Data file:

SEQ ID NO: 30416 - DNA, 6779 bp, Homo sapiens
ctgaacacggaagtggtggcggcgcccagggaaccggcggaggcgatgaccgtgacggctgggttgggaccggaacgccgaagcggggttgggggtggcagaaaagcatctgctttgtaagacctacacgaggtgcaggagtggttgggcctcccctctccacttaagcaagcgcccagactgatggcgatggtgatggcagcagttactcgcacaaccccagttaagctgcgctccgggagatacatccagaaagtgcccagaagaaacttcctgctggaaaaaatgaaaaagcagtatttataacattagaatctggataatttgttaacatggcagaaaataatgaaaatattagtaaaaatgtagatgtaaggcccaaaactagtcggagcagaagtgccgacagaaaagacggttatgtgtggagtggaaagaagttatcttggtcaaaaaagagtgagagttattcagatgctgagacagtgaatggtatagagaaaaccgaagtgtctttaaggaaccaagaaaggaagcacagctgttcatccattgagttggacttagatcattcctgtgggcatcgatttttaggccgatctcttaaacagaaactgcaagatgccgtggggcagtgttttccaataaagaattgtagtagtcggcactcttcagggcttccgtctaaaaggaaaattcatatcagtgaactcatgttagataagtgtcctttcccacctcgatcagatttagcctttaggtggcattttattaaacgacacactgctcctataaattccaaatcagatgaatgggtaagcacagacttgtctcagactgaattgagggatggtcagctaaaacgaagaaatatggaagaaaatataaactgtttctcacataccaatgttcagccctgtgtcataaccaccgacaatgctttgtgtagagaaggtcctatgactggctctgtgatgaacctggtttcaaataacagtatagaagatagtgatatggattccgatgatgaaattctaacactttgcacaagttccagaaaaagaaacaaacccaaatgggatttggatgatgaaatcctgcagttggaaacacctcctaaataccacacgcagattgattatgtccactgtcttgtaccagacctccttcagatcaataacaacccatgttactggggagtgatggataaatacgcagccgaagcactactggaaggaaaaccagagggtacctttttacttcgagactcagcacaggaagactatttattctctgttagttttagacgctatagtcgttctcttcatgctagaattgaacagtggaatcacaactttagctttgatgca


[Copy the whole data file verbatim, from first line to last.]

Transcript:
SEQ ID NO: 30416 - DNA, 6779 bp, Homo sapiens
ctgaacacggaagtggtggcggcgcccagggaaccggcggaggcgatgaccgtgacggctgggttgggaccggaacgccgaagcggggttgggggtggcagaaaagcatctgctttgtaagacctacacgaggtgcaggagtggttgggcctcccctctccacttaagcaagcgcccagactgatggcgatggtgatggcagcagttactcgcacaaccccagttaagctgcgctccgggagatacatccagaaagtgcccagaagaaacttcctgctggaaaaaatgaaaaagcagtatttataacattagaatctggataatttgttaacatggcagaaaataatgaaaatattagtaaaaatgtagatgtaaggcccaaaactagtcggagcagaagtgccgacagaaaagacggttatgtgtggagtggaaagaagttatcttggtcaaaaaagagtgagagttattcagatgctgagacagtgaatggtatagagaaaaccgaagtgtctttaaggaaccaagaaaggaagcacagctgttcatccattgagttggacttagatcattcctgtgggcatcgatttttaggccgatctcttaaacagaaactgcaagatgccgtggggcagtgttttccaataaagaattgtagtagtcggcactcttcagggcttccgtctaaaaggaaaattcatatcagtgaactcatgttagataagtgtcctttcccacctcgatcagatttagcctttaggtggcattttattaaacgacacactgctcctataaattccaaatcagatgaatgggtaagcacagacttgtctcagactgaattgagggatggtcagctaaaacgaagaaatatggaagaaaatataaactgtttctcacataccaatgttcagccctgtgtcataaccaccgacaatgctttgtgtagagaaggtcctatgactggctctgtgatgaacctggtttcaaataacagtatagaagatagtgatatggattccgatgatgaaattctaacactttgcacaagttccagaaaaagaaacaaacccaaatgggatttggatgatgaaatcctgcagttggaaacacctcctaaataccacacgcagattgattatgtccactgtcttgtaccagacctccttcagatcaataacaacccatgttactggggagtgatggataaatacgcagccgaagcactactggaaggaaaaccagagggtacctttttacttcgagactcagcacaggaagactatttattctctgttagttttagacgctatagtcgttctcttcatgctagaattgaacagtggaatcacaactttagctttgatgca